"As a state agency, you are always going to have that scrutiny," Heith said. "Sometimes people from the outside can see things we don't see, and we find it very helpful."

For students such as Lorraine Gonzales, a 39-year-old nursing major, the class has been a breath of fresh air compared with working theoretical problems in a book.

"To do a whole project and work it all the way through, that is definitely going to stick with me," Gonzales said. If that work actually prods other states to adopt better lottery practices, that would be awesome, she said.

"I told my students, if you can make a change in society, you have done something," Busald said. "Not many students get an opportunity to do that."

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19 comments. Last comment 9 years ago by chasingadream.
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psykomo's avatar - animal shark.jpg

United States
Member #4877
May 30, 2004
5112 Posts
Offline
Posted: December 20, 2007, 8:12 pm - IP Logged

California, Pennsylvania best; Tennessee worst 

Gerald Busald is at it again.

For more than a decade, the 65-year-old math professor at San Antonio College has turned scrutiny of the Texas Lottery into a classroom project. Armed with calculators, Busald and his students have exposed false advertising, attracted the media spotlight and sparked change.

This year, Busald and his students are aiming beyond Texas. On Friday, they unveiled a ranking of every lottery in the United States based on fairness and disclosure, hoping to wield national influence on lottery best practices.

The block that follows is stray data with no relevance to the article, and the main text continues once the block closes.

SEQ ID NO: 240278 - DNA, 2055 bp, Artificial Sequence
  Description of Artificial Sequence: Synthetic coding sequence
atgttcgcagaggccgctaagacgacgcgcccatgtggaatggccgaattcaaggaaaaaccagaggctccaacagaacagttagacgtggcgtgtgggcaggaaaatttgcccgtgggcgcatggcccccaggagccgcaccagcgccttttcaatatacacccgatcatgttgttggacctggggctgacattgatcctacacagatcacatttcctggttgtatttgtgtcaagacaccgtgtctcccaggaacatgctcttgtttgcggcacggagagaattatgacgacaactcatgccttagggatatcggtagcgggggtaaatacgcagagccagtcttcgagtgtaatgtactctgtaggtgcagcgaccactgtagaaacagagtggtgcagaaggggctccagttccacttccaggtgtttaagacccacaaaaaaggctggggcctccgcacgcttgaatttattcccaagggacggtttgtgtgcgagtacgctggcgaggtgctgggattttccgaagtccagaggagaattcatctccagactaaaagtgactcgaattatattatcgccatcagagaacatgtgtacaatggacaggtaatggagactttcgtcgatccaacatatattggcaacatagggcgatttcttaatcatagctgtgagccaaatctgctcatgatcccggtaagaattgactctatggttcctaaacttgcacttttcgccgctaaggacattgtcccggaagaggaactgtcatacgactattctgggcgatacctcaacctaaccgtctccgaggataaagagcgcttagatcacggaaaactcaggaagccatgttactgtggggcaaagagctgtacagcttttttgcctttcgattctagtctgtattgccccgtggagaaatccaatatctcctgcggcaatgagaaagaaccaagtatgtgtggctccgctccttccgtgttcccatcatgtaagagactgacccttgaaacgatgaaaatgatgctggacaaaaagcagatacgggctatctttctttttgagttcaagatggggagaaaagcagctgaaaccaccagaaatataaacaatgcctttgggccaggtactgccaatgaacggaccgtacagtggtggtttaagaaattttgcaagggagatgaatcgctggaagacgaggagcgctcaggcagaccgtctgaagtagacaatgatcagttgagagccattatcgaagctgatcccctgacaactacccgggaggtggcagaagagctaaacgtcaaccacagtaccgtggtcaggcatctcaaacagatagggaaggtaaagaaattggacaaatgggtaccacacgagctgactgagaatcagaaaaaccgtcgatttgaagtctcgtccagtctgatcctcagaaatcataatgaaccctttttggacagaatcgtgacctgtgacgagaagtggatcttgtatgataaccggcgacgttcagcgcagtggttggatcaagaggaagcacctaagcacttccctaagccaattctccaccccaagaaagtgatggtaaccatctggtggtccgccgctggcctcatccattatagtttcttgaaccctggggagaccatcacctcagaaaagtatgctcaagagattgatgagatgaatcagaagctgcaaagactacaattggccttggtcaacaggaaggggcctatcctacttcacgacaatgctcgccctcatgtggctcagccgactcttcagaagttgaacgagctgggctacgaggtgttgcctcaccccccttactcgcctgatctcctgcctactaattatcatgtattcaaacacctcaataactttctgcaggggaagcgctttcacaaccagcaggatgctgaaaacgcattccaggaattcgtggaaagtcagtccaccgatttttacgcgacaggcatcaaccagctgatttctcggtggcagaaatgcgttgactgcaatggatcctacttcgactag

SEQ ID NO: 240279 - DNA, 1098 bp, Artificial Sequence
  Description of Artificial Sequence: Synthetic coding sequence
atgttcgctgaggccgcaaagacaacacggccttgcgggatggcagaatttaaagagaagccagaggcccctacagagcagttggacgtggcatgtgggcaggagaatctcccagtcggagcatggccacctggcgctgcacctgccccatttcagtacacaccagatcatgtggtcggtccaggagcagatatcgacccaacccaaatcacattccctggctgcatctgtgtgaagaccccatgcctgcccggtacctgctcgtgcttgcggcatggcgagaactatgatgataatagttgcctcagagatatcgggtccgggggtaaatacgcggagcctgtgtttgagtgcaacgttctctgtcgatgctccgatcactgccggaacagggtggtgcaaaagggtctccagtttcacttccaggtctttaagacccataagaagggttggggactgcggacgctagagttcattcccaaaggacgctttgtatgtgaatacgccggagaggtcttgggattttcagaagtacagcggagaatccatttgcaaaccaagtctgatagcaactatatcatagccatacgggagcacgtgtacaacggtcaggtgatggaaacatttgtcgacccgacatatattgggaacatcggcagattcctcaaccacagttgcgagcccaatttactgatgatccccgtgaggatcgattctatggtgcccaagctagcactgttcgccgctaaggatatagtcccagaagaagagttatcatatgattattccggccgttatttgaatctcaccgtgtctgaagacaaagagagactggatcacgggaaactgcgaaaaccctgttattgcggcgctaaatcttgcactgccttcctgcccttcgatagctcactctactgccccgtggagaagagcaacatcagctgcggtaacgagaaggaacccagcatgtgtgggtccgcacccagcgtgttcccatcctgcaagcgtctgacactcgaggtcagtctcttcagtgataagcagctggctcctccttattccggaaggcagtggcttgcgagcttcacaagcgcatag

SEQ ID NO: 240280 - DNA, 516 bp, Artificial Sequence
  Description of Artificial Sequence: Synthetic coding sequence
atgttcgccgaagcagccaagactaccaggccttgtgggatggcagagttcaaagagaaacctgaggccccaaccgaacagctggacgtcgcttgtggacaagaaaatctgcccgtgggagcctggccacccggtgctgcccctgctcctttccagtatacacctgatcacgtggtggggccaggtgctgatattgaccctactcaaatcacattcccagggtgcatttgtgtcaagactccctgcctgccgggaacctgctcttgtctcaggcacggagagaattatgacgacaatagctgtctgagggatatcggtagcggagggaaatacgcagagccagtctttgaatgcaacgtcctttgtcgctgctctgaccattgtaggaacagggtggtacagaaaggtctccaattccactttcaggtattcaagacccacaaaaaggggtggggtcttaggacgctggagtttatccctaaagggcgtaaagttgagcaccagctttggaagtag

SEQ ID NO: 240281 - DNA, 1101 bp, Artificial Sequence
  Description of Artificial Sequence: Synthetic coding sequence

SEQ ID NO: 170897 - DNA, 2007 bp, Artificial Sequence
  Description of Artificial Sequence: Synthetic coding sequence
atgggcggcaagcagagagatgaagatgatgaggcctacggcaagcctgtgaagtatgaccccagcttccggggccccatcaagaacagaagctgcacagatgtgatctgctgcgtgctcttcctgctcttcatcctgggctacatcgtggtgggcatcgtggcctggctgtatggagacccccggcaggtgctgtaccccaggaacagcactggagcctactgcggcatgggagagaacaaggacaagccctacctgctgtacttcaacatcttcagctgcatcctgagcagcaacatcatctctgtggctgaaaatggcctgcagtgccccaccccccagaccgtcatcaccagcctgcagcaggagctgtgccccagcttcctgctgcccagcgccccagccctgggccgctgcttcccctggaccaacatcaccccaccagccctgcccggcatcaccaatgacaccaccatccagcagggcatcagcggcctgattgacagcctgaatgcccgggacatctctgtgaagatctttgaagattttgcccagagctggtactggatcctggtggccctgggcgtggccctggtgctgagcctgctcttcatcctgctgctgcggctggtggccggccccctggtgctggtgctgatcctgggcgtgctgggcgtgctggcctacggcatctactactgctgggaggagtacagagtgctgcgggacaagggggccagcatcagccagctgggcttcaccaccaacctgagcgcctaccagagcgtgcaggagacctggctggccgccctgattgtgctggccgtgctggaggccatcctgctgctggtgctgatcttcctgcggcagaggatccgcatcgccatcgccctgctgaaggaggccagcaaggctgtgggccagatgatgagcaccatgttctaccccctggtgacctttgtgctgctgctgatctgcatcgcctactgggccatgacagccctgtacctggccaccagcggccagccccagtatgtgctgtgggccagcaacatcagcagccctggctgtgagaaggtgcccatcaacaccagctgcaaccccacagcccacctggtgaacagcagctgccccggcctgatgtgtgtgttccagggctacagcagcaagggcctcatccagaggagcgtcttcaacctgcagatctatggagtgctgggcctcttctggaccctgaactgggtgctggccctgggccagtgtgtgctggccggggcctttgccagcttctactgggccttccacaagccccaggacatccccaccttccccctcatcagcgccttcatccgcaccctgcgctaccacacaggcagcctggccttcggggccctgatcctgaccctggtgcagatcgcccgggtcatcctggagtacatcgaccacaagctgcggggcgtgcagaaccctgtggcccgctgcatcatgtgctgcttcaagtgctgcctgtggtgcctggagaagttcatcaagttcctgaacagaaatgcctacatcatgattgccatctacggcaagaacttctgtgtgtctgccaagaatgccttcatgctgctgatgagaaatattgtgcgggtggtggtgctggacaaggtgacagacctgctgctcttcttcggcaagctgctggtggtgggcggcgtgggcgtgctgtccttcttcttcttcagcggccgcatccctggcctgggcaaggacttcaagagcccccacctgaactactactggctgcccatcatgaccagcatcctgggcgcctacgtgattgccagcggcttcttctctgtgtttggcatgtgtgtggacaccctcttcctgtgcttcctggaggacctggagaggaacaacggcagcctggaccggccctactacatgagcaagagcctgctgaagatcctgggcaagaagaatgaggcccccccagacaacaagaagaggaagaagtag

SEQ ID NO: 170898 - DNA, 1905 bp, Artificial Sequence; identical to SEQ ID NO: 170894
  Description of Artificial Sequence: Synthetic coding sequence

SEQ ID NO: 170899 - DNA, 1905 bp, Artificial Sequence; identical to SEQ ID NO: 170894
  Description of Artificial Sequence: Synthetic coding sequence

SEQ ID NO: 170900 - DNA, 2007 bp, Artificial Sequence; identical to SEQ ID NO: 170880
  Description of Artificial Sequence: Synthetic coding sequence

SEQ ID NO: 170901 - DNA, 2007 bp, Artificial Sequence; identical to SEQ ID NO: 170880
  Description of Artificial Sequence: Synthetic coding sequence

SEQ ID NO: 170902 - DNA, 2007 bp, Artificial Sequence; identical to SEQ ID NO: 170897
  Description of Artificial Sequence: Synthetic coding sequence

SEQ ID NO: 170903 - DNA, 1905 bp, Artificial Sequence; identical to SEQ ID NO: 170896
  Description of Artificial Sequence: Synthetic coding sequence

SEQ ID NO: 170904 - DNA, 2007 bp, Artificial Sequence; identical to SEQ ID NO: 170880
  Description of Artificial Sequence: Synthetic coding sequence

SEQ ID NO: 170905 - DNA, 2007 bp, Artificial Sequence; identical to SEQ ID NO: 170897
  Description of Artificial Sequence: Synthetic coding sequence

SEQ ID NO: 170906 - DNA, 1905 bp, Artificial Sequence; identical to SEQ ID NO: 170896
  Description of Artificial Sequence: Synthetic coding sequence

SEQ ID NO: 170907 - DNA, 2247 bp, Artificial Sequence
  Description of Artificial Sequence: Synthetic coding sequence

The class spent an entire semester deciding how to score the states and how much weight to put on each factor, then gathering and analyzing the data from lottery Web sites. They considered what states do with unclaimed prize money, whether they are upfront about the odds of winning and whether winnings are taxed.

"It's about truth in government," Busald said. "Telling players the truth doesn't hurt your sales."

The results? Texas ranked third behind California and Pennsylvania, scoring 64 out of 100 points. Tennessee came in last with 24 points.

Texas had the best overall Web site but was docked for its high-priced $50 scratch-off ticket and for not giving unclaimed prize money back to players. Texas now has a Spanish-language page on its Web site - which is only fair since the lottery markets to Hispanics - and has taken steps to protect players from store clerks conniving to cash in on customers' winning tickets.

California, which scored 71 points, got kudos for promptly closing scratch-off games after top prizes are gone, keeping its scratch-off ticket prices low and not collecting state income tax on prize money.